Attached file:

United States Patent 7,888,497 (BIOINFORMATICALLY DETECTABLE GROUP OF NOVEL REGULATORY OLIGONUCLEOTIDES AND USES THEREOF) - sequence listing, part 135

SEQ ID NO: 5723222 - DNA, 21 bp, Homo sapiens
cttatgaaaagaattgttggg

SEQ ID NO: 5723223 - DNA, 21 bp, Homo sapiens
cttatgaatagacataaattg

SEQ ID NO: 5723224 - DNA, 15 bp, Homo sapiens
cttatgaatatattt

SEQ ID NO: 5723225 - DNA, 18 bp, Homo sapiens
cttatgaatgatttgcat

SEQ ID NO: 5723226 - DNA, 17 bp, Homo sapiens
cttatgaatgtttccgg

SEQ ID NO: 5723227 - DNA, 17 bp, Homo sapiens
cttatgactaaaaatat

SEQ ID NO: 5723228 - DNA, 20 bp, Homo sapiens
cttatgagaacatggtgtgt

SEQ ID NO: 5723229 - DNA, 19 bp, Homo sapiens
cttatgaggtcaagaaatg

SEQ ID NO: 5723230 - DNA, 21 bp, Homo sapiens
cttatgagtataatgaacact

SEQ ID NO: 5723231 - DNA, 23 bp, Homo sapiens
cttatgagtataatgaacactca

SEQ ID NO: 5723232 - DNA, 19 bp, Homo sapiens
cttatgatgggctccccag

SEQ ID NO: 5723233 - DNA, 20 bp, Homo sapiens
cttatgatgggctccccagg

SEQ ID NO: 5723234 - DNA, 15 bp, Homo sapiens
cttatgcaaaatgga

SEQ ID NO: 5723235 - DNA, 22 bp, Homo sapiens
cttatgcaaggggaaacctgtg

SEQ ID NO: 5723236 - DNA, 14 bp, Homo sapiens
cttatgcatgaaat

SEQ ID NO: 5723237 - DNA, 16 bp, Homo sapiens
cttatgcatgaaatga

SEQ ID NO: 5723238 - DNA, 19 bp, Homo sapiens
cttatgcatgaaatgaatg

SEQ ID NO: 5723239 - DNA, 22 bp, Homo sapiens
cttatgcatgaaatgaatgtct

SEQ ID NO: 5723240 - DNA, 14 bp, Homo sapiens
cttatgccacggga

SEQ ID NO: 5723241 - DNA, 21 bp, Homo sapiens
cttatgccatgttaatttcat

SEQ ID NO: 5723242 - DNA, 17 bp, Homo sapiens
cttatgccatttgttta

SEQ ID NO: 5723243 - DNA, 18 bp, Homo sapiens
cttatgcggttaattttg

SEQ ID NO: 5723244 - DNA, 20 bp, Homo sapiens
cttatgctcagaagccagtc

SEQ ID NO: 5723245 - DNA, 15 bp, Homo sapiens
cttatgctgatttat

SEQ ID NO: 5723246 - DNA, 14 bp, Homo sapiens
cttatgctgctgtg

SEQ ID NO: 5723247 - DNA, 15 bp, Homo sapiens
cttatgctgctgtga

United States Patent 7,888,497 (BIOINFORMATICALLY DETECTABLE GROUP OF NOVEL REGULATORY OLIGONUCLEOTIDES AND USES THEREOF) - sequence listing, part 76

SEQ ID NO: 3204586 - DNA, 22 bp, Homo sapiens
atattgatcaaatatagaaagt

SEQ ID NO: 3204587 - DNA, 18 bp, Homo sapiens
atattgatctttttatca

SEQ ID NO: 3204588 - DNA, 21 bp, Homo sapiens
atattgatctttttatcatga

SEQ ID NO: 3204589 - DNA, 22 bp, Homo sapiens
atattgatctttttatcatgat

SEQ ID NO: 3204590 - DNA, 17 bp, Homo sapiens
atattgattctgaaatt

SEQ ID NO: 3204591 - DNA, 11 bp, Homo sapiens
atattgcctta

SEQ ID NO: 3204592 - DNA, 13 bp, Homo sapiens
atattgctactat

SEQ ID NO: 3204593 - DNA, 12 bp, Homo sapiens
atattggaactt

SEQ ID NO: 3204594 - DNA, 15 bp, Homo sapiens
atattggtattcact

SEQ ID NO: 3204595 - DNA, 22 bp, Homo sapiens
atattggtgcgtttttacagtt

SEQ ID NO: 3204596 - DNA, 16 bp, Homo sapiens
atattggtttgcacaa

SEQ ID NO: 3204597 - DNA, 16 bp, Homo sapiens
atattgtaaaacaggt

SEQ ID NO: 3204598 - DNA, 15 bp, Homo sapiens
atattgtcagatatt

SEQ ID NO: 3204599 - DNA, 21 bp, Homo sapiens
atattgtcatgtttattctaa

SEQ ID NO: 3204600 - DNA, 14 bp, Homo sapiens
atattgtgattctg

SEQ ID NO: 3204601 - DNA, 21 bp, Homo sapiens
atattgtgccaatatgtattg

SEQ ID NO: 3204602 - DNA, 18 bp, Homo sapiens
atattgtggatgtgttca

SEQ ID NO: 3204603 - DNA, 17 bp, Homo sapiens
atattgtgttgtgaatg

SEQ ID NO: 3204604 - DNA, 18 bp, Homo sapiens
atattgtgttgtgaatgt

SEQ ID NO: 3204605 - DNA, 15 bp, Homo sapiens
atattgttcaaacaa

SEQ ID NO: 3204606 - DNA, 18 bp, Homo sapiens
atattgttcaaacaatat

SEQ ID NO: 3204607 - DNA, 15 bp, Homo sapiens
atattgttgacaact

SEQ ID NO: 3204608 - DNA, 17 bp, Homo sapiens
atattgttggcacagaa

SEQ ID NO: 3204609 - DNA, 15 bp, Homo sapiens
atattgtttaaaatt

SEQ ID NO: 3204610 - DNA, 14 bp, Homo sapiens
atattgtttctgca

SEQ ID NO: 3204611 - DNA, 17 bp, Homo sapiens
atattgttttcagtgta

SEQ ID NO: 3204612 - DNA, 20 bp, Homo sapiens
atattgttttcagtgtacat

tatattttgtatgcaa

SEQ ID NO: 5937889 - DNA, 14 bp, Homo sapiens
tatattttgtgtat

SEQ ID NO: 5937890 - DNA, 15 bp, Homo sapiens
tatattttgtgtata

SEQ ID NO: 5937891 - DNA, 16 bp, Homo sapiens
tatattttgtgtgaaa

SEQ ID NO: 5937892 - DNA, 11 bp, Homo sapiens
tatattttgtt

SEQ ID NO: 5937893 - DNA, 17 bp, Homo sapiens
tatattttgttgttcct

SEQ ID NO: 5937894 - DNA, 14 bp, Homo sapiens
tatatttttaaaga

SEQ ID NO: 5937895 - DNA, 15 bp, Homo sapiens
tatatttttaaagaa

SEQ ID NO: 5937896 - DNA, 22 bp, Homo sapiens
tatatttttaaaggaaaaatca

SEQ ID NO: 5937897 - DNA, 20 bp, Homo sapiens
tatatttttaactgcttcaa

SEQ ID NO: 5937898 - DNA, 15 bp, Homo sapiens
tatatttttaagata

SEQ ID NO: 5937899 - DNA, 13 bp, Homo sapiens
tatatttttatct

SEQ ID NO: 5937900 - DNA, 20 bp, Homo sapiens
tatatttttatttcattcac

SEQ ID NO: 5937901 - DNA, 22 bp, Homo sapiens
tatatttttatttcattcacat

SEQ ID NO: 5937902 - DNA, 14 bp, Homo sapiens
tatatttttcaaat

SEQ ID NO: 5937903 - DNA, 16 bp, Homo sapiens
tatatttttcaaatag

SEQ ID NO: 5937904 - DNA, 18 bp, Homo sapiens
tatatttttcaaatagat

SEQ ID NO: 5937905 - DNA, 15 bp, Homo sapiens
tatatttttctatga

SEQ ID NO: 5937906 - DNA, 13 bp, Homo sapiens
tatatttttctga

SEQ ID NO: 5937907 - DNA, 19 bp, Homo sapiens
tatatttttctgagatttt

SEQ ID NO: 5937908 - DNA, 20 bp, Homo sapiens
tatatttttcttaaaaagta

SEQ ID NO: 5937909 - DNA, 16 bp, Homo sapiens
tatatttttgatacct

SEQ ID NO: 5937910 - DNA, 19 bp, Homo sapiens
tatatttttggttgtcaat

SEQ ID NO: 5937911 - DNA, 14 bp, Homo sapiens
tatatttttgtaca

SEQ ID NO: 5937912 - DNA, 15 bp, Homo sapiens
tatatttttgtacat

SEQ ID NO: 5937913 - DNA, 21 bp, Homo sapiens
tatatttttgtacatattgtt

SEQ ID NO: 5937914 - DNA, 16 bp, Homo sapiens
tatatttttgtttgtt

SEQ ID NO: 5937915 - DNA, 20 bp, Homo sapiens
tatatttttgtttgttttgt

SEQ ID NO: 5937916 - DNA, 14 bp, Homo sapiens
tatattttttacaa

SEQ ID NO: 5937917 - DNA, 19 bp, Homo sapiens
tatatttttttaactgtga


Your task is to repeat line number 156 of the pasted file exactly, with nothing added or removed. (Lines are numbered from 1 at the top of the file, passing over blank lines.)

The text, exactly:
SEQ ID NO: 5937912 - DNA, 15 bp, Homo sapiens